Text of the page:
Back in mid-January, the Consumer Financial Protection Bureau (CFPB) proposed an amendment to the so-called “Regulation Z” of the Truth in Lending Act (TILA). The amendment will further enforce the rule currently in place, which prohibits lenders from selling a higher-priced mortgage loan without regard to to the borrower’s ability to repay. Although the new rule will not go into effect until next year, consumers who are considering taking out a mortgage loan in the future should be aware of the changes.
For banks, the Regulation Z/TILA made it a lot tougher to engage in lax lending practices, which contributed to the recent housing crisis. For consumers, the regulation meant stricter qualifying requirements. With the new amendment, these requirements are still in place, but lenders will have to follow more specific guidelines for determining a borrower’s financial risk.
In simplest terms, the new rule will protect lenders from risk, but will also make it a little tougher to generate new mortgage activity. Here’s a brief explanation of the major components of the amendment:
1. The rule will implement sections 1411 and 1412 of the Dodd-Frank Wall Street Reform Act (commonly called the Dodd-Frank Act), which generally require creditors to make a reasonable, good faith determination of a consumer???s ability to repay any consumer credit transaction secured by a dwelling (excluding an open-end credit plan, timeshare plan, reverse mortgage, or temporary loan) and establishes certain protections from liability under this requirement for ???qualified mortgages.??? A qualified mortgage (QM) is a mortgage that has been designated as lower risk becuase the lender has presumably investigated the borrower’s financial standing in detail.
2. The rule also implements section 1414 of the Dodd-Frank Act, which puts limitations on prepayment penalties. Some mortgages penalize borrowers for making higher mortgage payments, which is something many consumers are not aware of until it’s too late. If you’re unsure about whether or not your mortgage has prepayment penalties, you should contact your lender.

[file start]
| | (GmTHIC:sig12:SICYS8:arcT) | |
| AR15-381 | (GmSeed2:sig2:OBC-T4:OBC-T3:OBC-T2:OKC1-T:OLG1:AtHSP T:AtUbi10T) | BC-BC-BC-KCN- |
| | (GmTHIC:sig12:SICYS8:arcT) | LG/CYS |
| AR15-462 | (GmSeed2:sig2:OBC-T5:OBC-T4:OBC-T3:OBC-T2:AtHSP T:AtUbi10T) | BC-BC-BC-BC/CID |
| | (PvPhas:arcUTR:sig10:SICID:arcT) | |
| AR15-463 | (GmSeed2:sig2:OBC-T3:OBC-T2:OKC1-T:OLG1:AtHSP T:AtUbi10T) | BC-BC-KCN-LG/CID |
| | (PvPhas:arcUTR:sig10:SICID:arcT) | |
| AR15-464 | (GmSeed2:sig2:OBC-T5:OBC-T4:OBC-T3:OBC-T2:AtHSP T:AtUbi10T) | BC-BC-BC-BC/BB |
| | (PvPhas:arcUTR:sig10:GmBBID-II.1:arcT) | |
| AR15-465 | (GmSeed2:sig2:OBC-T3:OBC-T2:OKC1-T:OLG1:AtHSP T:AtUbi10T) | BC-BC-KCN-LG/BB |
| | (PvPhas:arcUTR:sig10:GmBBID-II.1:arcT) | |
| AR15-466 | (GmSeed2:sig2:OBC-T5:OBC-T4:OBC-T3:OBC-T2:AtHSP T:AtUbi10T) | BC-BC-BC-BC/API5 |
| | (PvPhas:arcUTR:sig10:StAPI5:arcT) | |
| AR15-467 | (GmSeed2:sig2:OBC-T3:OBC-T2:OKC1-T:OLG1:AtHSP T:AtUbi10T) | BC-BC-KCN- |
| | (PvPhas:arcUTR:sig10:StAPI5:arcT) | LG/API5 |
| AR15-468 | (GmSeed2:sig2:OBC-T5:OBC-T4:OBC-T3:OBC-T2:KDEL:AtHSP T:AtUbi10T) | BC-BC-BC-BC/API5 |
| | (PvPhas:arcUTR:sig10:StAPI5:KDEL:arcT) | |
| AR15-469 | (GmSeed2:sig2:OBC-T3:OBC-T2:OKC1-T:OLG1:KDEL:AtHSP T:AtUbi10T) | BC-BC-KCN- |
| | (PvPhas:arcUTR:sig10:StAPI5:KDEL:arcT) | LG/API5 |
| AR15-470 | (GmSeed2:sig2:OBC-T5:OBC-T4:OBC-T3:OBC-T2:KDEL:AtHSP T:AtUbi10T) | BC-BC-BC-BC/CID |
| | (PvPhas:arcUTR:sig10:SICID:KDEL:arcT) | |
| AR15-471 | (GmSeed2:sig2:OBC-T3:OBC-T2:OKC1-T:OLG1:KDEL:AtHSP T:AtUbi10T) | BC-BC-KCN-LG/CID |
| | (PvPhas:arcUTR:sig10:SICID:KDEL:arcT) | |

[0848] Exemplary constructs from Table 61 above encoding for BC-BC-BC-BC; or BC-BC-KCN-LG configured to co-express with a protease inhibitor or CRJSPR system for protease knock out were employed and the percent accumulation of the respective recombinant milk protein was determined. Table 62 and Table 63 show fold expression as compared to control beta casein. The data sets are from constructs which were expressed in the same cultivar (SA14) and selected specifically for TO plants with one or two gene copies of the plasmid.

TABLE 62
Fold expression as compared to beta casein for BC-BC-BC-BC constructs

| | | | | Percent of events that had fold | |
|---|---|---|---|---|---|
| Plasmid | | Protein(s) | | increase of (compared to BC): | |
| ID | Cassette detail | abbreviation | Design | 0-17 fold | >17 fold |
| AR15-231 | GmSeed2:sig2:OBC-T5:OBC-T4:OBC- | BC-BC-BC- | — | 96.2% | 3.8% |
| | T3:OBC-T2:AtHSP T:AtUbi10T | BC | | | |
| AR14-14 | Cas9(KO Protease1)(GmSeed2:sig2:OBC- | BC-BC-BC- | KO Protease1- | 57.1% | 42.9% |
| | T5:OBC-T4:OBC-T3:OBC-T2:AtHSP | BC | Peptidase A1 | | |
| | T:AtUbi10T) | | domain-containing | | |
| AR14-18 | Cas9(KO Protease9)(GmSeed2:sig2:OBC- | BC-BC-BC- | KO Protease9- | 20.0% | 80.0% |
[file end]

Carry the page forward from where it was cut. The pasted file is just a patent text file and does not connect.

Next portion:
3. Finally, the amendment will requires creditors to retain evidence of compliance with the rule for three years after a covered loan is consummated. This part affects lenders more than consumers, as it requires them to prove that they have issued a mortgage under the necessary regulations. Nevertheless, it’s good for consumers to be aware that their banks are responsible for documenting their lending practices.
If you’re planning on buying a home in the next few years, you should know that this amendment will affect the process by which your lender issues mortgages. The biggest affect this could have on consumers is that it will require more documentation. Mortgage applicants should be prepared to show proof of employment, income and good credit history.
According to an information packet from the CFPB, lenders will generally investigate eight major financial factors when deciding whether or not to approve a mortgage loan:
- Your current income or assets (be prepared to show most recent tax documents)
- Your current employment status (be prepared to show recent pay stubs)
- Your credit history (make sure your credit is in good standing before you apply for a mortgage)
- The monthly payment for the mortgage
- Your monthly payments on other mortgage loans you get at the same time (piggy-back loans)
- Your monthly payments for other mortgage-related expenses (property taxes, PMI, etc.)
- Your other debts (credit card balances, auto loans, student loans, etc.)
- Your monthly debt-to-income ratio (how much money you owe to various creditors each month vs. how much money you earn)
In addition to these financial indicators, your lender must calculate your ability to repay based on the highest possible interest rate for the mortgage program in question. In other words, if you are applying for a 3 year Adjustable Rate Mortgage (ARM), you will have a set interest rate for the first three years of the loan. After the three-year period is up, your interest rate may go up. Adjustable rate mortgages have interest rate caps, which prohibit the rate from increasing beyond a certain point. Under the new rule, lenders will have to calculate your ability to repay based on the highest possible rate for the ARM, not the initial rate.
There are exceptions to the new rule when it comes to refinancing. There are certain circumstances in which a lender can determine that it is less risky to refinance a borrower. In these instances, the Ability-to-Repay rule may not apply. For example, if you have an interest-only loan and you want to refinance to a traditional 30 year fixed rate loan, your lender may not need to follow all of the documentation and financial investigation regulations set forth by the rule.
For more information, please read the CFPB’s summary packet here: http://files.consumerfinance.gov/f/201301_cfpb_ability-to-repay-rule_what-it-means-for-consumers.pdf
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